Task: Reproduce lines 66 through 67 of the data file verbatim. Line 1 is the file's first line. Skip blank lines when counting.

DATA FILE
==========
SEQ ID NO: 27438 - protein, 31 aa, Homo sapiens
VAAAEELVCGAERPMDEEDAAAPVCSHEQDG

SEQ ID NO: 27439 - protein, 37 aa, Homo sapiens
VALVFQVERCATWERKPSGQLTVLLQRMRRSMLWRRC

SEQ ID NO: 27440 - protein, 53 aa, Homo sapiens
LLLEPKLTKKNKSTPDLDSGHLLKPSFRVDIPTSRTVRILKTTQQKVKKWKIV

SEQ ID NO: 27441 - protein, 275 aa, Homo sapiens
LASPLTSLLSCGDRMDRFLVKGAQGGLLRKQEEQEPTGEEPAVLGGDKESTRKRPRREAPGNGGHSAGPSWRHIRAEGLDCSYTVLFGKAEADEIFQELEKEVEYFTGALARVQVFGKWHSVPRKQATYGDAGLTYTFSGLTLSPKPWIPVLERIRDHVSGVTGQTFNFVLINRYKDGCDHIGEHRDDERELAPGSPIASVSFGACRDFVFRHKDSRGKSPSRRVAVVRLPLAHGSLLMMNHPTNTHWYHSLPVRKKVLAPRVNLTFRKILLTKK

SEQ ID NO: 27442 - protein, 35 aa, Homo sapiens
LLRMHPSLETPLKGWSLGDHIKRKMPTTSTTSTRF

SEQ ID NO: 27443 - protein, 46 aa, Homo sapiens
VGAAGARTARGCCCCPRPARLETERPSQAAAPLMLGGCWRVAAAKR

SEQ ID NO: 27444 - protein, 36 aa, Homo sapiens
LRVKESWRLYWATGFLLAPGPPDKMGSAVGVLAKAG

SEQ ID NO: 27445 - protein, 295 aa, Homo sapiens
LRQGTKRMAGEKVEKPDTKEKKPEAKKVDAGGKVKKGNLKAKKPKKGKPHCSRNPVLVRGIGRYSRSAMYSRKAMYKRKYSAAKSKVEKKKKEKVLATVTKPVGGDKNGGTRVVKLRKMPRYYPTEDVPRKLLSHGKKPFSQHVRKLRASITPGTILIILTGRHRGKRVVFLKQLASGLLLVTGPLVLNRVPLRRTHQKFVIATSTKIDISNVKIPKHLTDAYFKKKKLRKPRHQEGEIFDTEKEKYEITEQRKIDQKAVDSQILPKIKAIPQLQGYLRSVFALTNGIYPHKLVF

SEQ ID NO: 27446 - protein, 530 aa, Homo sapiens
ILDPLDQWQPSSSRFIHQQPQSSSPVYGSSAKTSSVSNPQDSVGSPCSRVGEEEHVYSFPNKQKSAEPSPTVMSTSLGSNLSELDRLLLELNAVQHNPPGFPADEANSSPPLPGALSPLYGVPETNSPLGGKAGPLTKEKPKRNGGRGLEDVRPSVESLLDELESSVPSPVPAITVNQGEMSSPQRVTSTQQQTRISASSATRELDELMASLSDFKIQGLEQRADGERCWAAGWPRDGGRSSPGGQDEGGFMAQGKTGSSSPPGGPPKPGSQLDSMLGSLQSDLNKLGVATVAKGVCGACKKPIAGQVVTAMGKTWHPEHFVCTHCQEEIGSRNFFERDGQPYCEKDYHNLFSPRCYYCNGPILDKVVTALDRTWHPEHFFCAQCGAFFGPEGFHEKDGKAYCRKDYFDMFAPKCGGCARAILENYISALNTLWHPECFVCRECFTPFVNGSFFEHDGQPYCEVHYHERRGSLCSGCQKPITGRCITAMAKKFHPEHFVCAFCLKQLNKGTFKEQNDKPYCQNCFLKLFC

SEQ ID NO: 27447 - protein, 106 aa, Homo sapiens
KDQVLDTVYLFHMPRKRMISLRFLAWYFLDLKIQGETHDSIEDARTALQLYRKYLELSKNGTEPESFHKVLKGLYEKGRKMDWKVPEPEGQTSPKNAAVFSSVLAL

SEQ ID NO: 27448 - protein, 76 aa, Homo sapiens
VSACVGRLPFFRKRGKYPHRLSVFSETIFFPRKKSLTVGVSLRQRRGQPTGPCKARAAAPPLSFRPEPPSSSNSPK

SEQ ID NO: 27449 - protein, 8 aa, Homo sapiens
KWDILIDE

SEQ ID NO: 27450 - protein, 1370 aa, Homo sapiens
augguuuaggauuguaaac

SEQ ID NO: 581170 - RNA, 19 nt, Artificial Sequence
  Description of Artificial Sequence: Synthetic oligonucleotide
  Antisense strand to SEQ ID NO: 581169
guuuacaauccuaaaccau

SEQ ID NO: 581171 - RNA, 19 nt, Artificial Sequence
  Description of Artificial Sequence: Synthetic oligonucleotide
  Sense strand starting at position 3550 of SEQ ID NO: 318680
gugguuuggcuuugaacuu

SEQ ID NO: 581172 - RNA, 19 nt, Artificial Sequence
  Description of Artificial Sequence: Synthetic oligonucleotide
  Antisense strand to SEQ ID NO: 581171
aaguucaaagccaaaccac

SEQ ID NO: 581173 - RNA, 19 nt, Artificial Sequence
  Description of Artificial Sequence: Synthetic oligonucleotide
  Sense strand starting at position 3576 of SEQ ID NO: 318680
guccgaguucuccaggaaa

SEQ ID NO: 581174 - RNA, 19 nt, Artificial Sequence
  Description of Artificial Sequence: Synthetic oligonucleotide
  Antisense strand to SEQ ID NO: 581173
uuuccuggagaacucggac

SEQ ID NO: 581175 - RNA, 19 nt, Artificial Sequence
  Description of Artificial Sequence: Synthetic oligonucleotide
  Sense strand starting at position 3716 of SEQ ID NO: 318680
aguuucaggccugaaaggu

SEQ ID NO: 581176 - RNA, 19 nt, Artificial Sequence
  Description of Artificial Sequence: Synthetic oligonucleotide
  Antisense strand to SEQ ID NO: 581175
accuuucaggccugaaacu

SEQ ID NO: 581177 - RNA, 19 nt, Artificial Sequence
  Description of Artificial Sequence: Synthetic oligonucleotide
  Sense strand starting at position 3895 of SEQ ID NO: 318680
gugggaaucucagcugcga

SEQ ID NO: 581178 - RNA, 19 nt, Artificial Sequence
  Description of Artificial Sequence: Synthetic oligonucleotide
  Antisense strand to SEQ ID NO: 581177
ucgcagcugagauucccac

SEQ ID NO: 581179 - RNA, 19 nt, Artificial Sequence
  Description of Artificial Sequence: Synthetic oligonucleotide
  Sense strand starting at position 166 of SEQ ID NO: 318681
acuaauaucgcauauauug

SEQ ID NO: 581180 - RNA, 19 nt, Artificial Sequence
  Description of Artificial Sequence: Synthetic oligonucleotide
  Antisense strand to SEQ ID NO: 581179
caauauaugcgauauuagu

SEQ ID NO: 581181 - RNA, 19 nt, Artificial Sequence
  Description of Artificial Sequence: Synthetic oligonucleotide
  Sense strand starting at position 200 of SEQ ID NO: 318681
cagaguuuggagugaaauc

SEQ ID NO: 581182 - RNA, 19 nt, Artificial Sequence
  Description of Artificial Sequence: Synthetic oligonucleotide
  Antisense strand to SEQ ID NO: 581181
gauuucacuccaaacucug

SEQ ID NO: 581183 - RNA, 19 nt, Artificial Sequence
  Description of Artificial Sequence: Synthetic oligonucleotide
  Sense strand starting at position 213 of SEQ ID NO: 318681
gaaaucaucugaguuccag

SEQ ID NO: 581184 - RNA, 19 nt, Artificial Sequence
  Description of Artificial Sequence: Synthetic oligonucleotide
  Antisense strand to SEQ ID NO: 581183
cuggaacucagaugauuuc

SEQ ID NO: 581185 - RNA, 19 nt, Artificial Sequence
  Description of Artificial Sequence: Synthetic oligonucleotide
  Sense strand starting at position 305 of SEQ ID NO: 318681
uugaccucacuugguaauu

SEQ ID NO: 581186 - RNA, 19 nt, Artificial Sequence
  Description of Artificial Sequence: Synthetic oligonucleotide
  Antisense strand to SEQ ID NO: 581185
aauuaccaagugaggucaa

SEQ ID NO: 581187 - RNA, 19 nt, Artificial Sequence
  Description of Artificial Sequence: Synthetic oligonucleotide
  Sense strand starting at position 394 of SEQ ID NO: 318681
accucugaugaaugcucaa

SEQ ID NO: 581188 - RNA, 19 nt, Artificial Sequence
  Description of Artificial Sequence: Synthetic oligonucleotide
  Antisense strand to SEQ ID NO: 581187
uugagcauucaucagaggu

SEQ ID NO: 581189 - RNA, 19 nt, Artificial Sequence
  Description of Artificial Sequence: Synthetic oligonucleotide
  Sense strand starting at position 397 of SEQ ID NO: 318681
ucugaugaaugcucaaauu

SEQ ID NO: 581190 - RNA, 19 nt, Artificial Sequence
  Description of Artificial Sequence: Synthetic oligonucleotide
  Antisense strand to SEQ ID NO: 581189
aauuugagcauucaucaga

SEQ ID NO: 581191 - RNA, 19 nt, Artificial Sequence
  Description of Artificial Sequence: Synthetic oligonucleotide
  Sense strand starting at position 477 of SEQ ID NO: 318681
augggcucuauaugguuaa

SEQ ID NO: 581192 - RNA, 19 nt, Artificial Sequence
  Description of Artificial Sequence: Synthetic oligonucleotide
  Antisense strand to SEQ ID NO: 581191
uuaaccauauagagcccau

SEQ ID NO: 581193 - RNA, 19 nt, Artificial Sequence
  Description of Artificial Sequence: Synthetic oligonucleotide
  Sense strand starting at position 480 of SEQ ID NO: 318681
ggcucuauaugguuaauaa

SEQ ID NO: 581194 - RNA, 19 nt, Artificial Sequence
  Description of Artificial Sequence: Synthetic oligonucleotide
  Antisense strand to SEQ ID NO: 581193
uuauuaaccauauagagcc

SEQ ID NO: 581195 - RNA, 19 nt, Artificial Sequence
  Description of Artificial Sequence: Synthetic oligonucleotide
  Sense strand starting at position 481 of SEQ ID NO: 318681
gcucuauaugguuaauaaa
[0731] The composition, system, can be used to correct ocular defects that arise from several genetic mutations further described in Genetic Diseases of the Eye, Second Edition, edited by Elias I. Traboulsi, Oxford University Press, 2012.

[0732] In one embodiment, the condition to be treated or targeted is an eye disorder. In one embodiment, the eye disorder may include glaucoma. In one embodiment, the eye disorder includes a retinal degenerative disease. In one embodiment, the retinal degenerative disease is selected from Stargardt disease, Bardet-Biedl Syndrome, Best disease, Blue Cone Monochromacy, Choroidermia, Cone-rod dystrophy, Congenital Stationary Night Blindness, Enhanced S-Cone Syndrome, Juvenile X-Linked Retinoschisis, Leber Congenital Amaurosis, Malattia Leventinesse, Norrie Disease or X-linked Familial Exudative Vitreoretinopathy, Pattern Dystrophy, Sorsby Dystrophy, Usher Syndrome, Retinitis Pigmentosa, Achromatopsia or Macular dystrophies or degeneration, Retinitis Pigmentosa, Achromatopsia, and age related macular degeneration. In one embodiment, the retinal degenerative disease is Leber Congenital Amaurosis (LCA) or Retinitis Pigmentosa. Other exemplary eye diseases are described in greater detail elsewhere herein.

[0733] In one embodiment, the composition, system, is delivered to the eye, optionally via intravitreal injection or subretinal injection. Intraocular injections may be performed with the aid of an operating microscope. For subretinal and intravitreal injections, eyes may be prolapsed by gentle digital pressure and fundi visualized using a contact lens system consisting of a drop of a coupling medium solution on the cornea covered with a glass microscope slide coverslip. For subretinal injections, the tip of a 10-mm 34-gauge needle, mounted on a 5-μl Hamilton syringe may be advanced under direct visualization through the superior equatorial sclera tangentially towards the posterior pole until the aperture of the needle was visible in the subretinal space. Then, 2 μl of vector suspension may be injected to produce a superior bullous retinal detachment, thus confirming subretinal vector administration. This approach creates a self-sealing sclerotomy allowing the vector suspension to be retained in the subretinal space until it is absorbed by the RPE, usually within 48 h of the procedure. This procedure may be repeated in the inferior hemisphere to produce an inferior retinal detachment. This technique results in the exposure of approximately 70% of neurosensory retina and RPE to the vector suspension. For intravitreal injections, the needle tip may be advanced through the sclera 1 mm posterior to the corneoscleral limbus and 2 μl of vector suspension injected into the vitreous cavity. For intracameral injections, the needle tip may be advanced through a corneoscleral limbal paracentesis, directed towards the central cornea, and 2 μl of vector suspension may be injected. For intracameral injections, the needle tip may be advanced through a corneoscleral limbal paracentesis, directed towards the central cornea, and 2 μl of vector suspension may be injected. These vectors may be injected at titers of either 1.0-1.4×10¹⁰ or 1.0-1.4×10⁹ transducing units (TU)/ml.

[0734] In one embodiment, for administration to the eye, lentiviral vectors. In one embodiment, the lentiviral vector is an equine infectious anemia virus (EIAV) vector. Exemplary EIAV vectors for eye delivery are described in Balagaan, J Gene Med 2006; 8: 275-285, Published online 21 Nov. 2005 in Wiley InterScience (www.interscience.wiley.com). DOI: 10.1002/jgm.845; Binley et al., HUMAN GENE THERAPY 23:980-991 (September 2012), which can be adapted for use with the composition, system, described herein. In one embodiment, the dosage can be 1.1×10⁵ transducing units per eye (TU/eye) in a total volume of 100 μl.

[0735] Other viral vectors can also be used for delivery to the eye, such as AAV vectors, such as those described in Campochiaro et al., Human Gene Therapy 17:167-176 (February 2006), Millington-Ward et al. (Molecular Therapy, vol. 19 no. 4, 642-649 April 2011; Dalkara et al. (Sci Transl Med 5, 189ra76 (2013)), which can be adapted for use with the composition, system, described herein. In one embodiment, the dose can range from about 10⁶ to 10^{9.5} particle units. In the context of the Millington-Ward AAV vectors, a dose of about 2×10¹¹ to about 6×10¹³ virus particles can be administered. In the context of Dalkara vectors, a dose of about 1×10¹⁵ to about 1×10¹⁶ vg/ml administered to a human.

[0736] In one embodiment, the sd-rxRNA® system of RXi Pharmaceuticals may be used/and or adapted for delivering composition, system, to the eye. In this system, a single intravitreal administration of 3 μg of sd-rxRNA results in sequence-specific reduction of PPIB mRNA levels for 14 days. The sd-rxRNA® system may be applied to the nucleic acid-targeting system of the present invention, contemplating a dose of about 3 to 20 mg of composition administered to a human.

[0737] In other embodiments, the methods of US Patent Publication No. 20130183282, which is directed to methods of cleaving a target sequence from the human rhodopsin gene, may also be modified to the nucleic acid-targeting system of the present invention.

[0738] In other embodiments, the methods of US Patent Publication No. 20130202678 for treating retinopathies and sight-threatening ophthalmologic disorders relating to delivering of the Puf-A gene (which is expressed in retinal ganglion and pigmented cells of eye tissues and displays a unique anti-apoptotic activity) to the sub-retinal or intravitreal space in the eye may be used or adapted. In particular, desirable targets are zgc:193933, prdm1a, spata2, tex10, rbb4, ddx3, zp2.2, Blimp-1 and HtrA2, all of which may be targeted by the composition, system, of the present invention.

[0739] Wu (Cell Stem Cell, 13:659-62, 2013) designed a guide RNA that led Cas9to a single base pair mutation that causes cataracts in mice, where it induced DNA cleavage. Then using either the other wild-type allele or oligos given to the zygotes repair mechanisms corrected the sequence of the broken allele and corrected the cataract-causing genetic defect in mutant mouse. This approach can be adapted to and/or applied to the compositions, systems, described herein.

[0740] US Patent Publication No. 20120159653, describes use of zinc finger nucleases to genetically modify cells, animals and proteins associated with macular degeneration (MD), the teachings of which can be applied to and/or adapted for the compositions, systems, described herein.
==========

acuaauaucgcauauauug

SEQ ID NO: 581180 - RNA, 19 nt, Artificial Sequence